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SA Organisations

Getting rude and dirty with politicians should be fine

  • Sifrin Geoff HOME
Attempts by SABC boss Hlaudi Motsoeneng to censor the public broadcaster show one face of the question of how far freedom of expression should stretch. Another is revealed by contentious incidents in South Africa and Israel of sexual political paintings which have raised hackles.
by Geoff Sifrin | Jul 20, 2016

Taking Issue

Can political art be compared to journalism? In Israel, a society of boisterous debate, the head of the art department of Tel Aviv’s Shenkar College, Larry Abramson, resigned this week to protest censorship of a student’s painting of a naked woman bearing a representation of right-wing Justice Minister Ayelet Shaked’s face against a confusing background of colourful drapery.

The student said the work, intended for exhibition with final projects by graduating seniors, was meant to induce “discomfort” conveying nihilism and an “absence of a coherent position”. The college president instructed that it should be excluded or the face blacked out.

Abramson told Haaretz that without freedom of expression “we don’t have an art school”. If, out of self-censorship, images are silenced or hidden, then “[how] can we advance critical, open and provocative debate, all the things for which art exists?”

Should it make a difference if the work portrays a man or woman? The college president - a woman who was previously minister of culture and also education - said censoring the painting was motivated not by Shaked’s politics but the judgement that the work was hurtful toward women: “As a woman who has [repeatedly] suffered from sexist attacks… I will not let it happen.”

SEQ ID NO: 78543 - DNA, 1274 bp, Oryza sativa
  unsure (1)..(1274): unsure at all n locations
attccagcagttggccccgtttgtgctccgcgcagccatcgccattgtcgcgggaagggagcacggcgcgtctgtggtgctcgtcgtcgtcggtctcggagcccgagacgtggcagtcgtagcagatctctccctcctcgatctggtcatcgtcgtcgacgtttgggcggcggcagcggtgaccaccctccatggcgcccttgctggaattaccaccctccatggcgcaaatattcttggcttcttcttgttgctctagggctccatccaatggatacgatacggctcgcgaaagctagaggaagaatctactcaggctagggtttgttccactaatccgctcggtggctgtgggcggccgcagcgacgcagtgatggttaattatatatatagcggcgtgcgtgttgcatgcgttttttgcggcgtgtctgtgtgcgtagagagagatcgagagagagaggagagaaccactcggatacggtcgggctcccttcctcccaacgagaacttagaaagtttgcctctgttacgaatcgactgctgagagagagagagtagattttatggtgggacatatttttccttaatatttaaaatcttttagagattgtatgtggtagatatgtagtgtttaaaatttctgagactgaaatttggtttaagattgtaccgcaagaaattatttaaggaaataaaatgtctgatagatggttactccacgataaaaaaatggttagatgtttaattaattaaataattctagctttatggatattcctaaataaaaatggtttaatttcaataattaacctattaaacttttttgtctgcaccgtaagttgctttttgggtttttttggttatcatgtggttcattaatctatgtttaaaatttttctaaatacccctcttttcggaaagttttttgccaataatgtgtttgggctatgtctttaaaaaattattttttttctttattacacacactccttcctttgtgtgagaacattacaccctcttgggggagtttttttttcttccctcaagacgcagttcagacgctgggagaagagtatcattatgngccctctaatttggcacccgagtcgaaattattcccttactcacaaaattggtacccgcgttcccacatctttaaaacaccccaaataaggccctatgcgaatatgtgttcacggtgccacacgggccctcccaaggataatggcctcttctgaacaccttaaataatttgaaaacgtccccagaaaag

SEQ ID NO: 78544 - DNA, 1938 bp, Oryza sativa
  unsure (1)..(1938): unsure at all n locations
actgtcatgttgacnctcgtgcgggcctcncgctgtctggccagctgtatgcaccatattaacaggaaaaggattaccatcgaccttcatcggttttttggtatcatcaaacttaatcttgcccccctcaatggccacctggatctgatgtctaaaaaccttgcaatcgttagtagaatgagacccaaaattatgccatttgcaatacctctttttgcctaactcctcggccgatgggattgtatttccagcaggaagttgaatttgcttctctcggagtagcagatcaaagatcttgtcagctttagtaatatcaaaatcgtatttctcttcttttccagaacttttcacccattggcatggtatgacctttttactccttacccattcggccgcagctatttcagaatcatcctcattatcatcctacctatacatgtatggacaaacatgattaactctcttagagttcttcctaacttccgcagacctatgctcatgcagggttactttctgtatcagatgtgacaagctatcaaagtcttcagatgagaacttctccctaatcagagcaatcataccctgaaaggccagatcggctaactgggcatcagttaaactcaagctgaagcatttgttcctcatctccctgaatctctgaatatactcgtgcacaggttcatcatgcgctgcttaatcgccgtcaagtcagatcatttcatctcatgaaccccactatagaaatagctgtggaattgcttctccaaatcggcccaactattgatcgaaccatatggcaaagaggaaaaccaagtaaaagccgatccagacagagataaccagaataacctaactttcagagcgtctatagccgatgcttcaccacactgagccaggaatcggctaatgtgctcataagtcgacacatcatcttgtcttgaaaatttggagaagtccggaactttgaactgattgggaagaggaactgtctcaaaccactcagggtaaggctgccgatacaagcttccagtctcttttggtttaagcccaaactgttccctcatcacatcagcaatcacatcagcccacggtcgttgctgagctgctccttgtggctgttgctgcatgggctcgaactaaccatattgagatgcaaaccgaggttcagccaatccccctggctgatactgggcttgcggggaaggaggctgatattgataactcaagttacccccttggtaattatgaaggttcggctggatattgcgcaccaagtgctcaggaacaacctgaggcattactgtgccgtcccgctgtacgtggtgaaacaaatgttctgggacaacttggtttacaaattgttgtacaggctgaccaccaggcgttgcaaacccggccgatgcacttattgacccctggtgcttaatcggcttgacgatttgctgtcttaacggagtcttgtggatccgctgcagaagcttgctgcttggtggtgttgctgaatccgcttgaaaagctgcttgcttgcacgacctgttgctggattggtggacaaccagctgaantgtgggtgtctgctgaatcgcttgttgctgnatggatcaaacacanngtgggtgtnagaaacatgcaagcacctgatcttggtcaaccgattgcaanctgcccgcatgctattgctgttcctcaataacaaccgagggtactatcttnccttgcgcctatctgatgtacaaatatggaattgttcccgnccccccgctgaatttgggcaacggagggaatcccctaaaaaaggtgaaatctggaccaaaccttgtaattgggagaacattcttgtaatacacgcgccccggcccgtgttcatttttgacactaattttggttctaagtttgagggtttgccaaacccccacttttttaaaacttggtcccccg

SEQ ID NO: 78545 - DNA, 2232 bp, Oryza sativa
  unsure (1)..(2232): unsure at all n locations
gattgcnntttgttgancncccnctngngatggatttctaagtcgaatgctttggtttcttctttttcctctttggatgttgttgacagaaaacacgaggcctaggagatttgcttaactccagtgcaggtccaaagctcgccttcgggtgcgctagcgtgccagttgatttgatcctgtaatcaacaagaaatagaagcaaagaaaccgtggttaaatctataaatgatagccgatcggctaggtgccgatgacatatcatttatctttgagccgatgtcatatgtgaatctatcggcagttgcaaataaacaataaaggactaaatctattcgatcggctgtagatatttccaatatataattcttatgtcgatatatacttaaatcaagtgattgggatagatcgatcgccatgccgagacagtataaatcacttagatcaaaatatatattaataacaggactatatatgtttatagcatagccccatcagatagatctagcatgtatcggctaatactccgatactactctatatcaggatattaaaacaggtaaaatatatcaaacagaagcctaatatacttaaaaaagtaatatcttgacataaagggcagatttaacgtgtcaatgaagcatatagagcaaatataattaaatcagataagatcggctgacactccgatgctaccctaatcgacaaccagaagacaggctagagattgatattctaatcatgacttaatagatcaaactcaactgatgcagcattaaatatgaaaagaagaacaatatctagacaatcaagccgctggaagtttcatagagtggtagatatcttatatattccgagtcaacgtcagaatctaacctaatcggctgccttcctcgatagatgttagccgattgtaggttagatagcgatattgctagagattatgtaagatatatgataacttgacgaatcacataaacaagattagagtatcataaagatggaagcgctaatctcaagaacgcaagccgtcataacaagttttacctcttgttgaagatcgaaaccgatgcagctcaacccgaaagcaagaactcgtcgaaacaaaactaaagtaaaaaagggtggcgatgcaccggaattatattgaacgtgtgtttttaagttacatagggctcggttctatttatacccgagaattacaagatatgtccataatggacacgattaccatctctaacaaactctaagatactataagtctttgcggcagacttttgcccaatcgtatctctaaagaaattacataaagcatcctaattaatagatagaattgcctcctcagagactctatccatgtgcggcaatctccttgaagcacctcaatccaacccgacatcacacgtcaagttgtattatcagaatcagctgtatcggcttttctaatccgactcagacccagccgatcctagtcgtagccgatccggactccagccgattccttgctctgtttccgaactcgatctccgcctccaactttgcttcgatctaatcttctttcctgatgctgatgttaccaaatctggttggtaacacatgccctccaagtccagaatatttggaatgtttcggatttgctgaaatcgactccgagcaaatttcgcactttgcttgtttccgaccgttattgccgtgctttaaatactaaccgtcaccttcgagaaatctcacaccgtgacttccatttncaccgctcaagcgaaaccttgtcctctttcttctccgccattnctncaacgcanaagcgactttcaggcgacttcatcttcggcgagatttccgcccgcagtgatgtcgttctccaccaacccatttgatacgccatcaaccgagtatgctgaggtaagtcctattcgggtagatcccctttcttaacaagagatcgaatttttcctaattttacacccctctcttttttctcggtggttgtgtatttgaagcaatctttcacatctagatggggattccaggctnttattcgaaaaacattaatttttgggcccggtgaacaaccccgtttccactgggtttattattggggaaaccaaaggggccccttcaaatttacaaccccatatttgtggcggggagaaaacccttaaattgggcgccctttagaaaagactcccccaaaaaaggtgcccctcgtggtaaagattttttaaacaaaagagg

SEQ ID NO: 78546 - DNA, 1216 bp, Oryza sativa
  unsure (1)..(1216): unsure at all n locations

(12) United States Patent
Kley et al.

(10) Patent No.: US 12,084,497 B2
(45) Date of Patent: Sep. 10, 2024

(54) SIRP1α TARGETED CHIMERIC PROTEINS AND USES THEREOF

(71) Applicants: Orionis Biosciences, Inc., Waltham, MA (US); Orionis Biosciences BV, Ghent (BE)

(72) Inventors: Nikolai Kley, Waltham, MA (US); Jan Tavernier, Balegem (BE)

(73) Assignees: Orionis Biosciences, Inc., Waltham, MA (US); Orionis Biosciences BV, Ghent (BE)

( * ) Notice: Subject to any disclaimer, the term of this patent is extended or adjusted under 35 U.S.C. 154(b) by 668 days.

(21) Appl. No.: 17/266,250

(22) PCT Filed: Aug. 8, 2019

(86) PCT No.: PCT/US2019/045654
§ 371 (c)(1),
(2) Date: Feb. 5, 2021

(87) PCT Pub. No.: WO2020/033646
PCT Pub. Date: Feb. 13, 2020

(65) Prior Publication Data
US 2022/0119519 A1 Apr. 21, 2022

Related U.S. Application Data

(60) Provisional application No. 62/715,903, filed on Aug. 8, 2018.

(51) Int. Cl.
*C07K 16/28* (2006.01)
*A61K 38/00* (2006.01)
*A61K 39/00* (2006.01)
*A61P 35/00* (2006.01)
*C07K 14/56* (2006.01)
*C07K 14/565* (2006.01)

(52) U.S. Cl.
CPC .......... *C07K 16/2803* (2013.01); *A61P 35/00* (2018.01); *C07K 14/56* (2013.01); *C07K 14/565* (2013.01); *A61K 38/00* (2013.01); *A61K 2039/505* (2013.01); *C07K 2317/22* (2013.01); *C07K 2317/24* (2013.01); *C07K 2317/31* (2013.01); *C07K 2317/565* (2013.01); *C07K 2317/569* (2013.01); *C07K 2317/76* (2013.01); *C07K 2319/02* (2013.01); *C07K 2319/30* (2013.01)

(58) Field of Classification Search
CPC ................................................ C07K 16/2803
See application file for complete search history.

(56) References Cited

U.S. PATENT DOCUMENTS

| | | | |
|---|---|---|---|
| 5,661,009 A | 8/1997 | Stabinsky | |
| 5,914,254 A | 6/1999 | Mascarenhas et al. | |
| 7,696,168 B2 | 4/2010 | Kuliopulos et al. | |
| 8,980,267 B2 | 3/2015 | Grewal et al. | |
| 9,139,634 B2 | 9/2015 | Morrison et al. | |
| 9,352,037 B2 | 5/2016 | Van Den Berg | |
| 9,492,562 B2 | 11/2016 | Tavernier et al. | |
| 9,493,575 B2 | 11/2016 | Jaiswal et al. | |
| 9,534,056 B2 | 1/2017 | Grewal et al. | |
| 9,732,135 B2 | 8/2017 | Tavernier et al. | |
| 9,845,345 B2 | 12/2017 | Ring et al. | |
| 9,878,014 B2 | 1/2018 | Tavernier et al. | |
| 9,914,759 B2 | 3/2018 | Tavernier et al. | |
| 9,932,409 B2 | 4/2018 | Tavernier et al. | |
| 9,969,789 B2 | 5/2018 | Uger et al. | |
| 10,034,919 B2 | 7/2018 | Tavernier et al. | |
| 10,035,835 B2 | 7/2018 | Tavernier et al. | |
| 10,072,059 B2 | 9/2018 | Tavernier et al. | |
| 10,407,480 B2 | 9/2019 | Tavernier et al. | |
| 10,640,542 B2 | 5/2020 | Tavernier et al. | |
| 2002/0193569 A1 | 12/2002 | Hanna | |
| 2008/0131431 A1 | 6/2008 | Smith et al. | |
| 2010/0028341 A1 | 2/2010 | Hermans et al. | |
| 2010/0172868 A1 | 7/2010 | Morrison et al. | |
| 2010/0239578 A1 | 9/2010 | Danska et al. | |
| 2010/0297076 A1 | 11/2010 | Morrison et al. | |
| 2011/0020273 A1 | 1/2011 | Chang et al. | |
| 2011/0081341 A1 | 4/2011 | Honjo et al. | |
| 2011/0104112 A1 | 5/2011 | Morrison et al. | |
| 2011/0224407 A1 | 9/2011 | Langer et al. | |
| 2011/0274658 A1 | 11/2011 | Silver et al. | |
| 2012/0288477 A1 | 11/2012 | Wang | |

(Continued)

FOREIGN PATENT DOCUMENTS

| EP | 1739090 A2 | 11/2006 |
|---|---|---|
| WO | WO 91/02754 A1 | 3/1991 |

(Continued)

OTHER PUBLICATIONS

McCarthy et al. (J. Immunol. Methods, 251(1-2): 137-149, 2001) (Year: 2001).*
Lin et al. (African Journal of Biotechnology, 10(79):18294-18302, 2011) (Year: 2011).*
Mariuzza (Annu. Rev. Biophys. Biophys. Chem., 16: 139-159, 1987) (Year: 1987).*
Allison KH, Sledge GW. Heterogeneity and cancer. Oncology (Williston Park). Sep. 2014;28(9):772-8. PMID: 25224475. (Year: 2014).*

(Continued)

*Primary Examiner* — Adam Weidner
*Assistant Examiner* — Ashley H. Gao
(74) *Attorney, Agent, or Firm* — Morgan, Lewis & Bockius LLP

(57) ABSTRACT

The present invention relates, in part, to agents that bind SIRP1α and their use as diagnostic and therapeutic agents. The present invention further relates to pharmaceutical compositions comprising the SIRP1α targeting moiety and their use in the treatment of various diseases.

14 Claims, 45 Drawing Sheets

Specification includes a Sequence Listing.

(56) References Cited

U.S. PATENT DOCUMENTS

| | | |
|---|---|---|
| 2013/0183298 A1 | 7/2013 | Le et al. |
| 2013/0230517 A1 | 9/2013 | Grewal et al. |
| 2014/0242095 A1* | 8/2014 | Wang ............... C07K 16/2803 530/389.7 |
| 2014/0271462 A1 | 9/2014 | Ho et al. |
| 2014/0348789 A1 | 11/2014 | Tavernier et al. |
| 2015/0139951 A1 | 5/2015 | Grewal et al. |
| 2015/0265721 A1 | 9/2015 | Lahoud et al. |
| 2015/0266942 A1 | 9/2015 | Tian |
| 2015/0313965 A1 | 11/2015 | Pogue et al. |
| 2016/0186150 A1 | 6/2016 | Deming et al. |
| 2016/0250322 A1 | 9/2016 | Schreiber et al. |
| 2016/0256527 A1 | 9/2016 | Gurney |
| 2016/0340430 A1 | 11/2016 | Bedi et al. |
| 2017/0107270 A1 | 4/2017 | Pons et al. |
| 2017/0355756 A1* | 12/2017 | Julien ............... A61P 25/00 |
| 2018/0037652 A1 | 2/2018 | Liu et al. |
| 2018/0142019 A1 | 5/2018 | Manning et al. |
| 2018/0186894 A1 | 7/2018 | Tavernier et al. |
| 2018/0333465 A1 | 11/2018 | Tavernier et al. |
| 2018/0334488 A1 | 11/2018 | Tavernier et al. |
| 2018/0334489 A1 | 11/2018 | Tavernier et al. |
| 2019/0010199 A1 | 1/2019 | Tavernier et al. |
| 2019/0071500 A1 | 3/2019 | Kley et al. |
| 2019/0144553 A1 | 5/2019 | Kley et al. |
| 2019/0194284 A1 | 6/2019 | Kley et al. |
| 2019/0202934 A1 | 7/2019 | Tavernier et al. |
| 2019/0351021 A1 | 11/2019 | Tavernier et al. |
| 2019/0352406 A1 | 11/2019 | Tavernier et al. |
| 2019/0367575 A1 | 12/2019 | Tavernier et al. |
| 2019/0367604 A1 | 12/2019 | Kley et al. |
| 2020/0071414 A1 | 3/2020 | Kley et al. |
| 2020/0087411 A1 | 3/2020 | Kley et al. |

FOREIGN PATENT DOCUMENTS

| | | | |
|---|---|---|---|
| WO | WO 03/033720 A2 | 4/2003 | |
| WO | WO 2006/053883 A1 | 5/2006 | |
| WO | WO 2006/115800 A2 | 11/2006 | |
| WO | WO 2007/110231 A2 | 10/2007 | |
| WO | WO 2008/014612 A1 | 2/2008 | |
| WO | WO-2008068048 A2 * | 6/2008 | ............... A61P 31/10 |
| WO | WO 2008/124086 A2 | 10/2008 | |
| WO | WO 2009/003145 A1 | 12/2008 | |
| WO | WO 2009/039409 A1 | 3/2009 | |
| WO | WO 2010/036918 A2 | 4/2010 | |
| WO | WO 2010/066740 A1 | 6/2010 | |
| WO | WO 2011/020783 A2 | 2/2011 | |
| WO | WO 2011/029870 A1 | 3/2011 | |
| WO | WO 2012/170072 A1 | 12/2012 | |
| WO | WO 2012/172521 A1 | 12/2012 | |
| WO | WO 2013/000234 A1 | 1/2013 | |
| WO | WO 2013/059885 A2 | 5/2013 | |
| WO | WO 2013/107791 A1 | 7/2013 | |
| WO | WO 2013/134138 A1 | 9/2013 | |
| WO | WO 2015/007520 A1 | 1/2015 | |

Which takes us to some controversial paintings showing President Jacob Zuma in sexual poses. “The Spear”, by Brett Murray, on exhibition in 2012 showed Zuma with genitals exposed, part of a solo show entitled "Hail to the Thief II".

The ANC threatened to sue for defamation and force Johannesburg’s Goodman Gallery to remove the piece, which was later vandalised by visitors.

This month, paintings by Ayanda Mabulu were shown in an exhibition at Constitution Hill, one showing Zuma licking the naked posterior of billionaire businessman Atul Gupta, who has been accused of state capture. An ANC flag appears in the scene, which is a plane’s cockpit - a clear metaphor for capital flight.

Mabulu defended his work saying he was “lashing the hands of the oppressor until they let loose”. He opposed “the hierarchical system where if you climb up, you can be looked at as a demigod, and we, the people on the ground, are looked at as nothing”.

In racially charged South Africa, the fact that Mabulu is black averted racism accusations. If he were white the outcome would probably have been more serious. Despite howls of protest on social media and elsewhere, the works remain untouched.

It recalls a piece by cartoonist Zapiro in 2008 showing Zuma undoing his belt lasciviously while “Lady Justice” is being held down by his political cronies, apparently about to be raped. Zuma started proceedings to sue Zapiro for infringing his dignity, but later withdrew.

What is the role of such lewd political artworks? Should they be banned out of respect for the person’s dignity? Or are they legitimate commentary which, if expressed in another medium - say words or film - would not raise such hackles?

It comes with the territory of being a high-profile public figure that political adversaries can portray you in almost any manner.

In art as in journalism, the right to offend is inherent to freedom of expression. Censorship’s dangerous slippery slope is epitomised by Motsoeneng forbidding SABC staff at a June workshop to question Zuma in coverage for next month’s municipal elections, instructing them to “respect” him, because he is the president. Does this mean he should be “untouchable?” The answer must be an unequivocal “No”.

 

Read Geoff Sifrin’s regular columns on his blog sifrintakingissue.wordpress.com

 

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